Natural Sciences and Engineering Research Council of Canada
Symbol of the Government of Canada

Common menu bar links

Light and Sound

Optical Guitars

Explore how NSERC-funded research is using fibre optics to re-discover the guitar. Featuring the work of Raman Kashyap, (École Polytechnique de Montréal) and Hans-Peter Loock (Queen's University).


Light and Sound: Optical Guitars - Hans-Peter Loock
October 20, 2011
Explore how NSERC-funded research is using fibre optics to re-discover the guitar. Featuring the work of Hans-Peter Loock (Queen's University).

Light and Sound: Optical Guitars - Raman Kashyap
October 20, 2011
Explore how NSERC-funded research is using fibre optics to re-discover the guitar. Featuring the work of Raman Kashyap (École Polytechnique de Montréal).

Impact Stories

A Sound Discovery
A Sound Discovery
October 20, 2011
Creating a better guitar pickup.

Light Music
Light Music
October 20, 2011
Optical fibre is the backbone of today's telecommunications system and the Internet.


Hans-Peter Loock, Professor, Department of Chemistry, Queen's University

Hans-Peter Loock is a native of Germany where he obtained his undergraduate degree in Engineering Chemistry (TU Darmstadt,1991). He moved to the University of Victoria for graduate studies in Chemistry (PhD in 1996 on laser chemistry), but also spent a lot of time outdoors in pursuit of his romantic vision of Canada, which included bears and cougars but not mosquitoes. He then moved to the National Research Council Canada (NRC) in Ottawa as an NSERC Visiting Fellow in a Government Lab, and worked in the Spectroscopy Group of the NRC Steacie Institute for Molecular Sciences on the characterization of small molecules using a variety of laser spectroscopic techniques. Since 1999, he has worked at Queen’s University where he is active in a variety of research areas including:

  • laser-initiated reactions in gases and ice;
  • chemical detectors for extremely small sample volumes using fiber optics; and
  • fiber optic sensors for refractive index, fluorescence and mechanical vibration (including guitar pickups).

He is the author of about 60 articles and four issued patents, and is the recipient of national and provincial awards.

Raman Kashyap, Professor, École Polytechnique de Montréal

Raman Kashyap received his BSc from King’s College London, United Kingdom (U.K.), and his PhD in physics from Essex University, U.K. He has been active in the field of photonics research for 35 years, many spent at British Telecom Research Laboratories in Martlesham Heath, Ipswich, U.K. He researched fiber Bragg gratings since the very early days of the field; published over 400 papers in journals, books, and conferences, presented numerous invited talks at conferences and institutes around the world; authored the first book on fiber Bragg gratings (expanded 2nd. edition, 2001) and has 26 granted patents with several pending.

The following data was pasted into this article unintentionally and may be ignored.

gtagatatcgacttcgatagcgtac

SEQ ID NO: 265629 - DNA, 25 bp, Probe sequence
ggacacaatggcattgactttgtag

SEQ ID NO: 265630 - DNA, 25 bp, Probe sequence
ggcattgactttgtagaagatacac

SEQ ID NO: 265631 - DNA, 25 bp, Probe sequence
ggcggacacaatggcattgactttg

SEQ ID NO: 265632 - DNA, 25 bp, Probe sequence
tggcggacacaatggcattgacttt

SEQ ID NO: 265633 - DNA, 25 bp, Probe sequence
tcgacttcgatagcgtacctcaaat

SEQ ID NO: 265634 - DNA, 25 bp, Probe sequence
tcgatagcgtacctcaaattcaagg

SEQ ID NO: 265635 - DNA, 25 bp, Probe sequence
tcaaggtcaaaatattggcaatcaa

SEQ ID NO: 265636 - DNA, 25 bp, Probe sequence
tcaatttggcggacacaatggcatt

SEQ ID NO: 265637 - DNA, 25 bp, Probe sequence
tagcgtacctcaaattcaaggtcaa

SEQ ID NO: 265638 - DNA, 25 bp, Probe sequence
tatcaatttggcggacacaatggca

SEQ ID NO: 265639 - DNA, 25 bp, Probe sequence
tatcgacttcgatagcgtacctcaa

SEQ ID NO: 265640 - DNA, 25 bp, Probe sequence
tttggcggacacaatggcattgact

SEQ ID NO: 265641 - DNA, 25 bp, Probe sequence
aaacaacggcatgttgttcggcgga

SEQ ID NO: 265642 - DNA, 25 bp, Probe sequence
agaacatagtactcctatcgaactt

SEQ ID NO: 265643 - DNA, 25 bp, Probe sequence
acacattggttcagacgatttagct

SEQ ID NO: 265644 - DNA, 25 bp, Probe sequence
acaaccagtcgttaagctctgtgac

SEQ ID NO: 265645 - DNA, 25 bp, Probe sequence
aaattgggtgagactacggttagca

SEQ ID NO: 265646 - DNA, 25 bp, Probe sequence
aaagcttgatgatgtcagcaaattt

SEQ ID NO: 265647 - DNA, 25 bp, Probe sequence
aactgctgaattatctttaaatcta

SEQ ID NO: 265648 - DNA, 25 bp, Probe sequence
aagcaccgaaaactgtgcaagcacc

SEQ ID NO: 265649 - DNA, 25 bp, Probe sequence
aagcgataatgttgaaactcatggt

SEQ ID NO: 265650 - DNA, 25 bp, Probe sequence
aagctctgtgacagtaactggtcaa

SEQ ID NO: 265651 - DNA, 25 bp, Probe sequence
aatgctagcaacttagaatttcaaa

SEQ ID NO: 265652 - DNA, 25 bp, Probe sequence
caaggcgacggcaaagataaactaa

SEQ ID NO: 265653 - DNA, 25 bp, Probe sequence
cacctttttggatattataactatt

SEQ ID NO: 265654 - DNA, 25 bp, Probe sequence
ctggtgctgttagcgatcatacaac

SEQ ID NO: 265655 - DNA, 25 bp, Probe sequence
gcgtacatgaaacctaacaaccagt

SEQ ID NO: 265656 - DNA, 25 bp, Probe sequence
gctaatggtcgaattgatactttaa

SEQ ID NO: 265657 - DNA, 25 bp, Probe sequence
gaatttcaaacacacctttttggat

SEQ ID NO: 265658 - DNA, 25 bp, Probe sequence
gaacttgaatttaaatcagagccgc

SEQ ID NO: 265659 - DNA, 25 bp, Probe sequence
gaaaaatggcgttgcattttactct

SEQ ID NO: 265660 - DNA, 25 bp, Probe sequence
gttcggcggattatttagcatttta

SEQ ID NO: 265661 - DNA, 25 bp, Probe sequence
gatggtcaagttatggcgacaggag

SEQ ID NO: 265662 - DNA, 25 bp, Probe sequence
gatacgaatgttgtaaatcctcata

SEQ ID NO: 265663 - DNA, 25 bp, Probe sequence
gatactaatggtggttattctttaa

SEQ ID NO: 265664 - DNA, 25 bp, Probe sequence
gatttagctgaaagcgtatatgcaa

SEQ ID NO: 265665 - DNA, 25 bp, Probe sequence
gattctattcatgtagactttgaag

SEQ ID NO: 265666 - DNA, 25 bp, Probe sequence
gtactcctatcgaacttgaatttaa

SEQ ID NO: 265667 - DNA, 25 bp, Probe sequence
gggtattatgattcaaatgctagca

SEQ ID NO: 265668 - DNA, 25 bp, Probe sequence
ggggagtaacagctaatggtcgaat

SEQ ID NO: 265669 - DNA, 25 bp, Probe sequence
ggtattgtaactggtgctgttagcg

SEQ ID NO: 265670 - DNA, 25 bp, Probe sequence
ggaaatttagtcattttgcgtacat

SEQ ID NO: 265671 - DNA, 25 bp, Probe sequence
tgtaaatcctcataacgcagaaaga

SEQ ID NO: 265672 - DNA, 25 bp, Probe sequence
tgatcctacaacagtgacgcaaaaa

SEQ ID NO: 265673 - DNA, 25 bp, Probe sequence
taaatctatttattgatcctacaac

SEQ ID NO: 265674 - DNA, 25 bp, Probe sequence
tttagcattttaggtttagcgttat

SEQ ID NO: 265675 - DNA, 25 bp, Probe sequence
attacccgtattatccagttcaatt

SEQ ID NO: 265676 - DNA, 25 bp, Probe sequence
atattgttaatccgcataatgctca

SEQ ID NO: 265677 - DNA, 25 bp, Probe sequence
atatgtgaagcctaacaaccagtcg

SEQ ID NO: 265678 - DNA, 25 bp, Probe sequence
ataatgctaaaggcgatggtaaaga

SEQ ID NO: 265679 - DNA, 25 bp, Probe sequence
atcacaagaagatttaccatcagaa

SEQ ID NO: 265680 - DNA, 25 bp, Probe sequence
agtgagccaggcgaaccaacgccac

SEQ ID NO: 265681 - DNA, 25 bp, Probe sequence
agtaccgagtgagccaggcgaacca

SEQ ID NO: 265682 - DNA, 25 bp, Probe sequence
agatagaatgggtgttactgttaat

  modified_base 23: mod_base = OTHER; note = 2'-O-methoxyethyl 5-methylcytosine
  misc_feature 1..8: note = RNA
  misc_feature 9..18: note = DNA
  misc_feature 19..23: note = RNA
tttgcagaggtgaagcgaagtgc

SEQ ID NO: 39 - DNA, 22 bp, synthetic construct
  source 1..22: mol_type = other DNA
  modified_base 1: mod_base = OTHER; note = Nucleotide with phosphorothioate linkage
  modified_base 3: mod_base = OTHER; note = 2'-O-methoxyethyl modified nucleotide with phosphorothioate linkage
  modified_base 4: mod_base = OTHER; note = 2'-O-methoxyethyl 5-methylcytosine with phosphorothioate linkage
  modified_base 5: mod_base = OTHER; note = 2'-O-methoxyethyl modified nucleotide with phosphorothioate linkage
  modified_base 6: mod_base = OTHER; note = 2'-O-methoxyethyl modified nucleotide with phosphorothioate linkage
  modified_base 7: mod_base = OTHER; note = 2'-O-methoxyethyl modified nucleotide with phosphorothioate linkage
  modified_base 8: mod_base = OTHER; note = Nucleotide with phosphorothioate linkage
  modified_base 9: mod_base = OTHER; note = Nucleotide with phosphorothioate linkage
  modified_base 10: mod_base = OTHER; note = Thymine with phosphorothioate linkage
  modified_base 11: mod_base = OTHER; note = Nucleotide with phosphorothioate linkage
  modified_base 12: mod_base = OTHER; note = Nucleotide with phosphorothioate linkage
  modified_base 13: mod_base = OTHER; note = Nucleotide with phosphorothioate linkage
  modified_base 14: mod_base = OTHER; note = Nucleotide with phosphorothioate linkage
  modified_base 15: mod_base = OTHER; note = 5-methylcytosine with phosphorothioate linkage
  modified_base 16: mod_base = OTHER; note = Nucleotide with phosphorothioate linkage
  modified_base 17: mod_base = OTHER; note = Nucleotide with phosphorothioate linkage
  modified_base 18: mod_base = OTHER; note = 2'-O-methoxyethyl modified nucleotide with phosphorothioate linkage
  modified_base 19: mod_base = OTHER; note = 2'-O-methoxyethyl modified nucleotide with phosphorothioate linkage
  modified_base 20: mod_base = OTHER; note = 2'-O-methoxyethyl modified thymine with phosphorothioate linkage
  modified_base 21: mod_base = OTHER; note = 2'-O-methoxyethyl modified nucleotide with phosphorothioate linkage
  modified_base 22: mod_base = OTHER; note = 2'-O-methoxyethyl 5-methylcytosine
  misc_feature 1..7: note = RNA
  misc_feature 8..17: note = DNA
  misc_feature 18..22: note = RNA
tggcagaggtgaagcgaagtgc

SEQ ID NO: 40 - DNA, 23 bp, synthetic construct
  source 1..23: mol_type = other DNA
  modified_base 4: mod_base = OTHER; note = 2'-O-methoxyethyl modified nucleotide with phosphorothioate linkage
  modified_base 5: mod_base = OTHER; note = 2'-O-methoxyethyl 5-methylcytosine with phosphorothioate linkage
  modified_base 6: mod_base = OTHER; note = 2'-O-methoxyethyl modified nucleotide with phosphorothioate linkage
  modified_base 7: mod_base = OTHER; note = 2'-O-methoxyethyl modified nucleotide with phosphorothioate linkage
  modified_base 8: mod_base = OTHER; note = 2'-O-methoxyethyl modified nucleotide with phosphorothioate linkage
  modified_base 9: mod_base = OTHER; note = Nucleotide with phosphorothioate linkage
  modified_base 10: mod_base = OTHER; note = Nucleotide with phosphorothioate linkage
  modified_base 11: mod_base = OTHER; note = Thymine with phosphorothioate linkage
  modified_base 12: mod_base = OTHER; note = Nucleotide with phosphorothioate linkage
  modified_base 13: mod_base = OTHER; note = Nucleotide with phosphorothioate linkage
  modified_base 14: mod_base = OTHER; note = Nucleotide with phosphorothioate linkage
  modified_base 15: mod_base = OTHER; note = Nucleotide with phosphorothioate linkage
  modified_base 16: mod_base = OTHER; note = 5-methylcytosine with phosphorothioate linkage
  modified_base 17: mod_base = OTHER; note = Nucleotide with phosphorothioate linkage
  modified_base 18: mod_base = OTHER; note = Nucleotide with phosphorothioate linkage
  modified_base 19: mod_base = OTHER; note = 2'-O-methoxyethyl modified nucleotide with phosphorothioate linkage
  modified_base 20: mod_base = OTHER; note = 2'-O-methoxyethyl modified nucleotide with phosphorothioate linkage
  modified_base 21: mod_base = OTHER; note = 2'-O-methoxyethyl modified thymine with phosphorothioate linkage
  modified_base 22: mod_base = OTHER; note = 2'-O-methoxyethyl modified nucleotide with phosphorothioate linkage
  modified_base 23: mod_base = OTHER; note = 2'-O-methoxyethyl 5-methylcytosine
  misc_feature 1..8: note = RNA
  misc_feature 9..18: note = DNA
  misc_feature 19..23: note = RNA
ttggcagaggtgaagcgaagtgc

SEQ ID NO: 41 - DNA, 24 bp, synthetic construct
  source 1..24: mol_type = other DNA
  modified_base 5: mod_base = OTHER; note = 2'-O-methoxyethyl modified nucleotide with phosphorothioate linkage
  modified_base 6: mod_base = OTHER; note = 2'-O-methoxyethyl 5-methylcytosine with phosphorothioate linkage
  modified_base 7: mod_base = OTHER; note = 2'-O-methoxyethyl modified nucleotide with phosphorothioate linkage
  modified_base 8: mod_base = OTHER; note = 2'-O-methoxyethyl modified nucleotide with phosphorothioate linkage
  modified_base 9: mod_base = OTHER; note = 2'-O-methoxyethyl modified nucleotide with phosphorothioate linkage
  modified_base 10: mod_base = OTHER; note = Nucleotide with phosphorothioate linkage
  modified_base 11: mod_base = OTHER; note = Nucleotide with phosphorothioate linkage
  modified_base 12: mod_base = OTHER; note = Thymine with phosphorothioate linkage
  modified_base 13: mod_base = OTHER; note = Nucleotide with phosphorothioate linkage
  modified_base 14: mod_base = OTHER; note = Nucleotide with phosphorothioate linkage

He holds the Canada Research Chair in Future Photonic Systems and is a professor jointly appointed in the Departments of Electrical Engineering and Engineering Physics at École Polytechnique de Montréal and the Université de Montréal. He is the Director of the Advanced Photonics Concepts Laboratory and Fabulas—a laser micro-fabrication laboratory. His current research interests center around advanced application in photonics, including optical signal processing, poling, advanced Bragg gratings and sensors, photonic musical instruments, single frequency sources, random lasers, radio over fiber, tunable photonic crystal structures, bio-photonics, nonlinear optics, integrated optic waveguides, direct laser writing and micromachining, surface plasmons, solid-state laser cooling and devices for atom guidance.

Raman Kashyap is a Chartered Physicist; elected Fellow of the Optical Society of America, Institute of Physics, and Engineering Institute of Canada; a member of the Institution of Engineering and Technology, and Society of Photo-Optical Instrumentation Engineers; and a senior member of the Institute of Electrical and Electronics Engineers.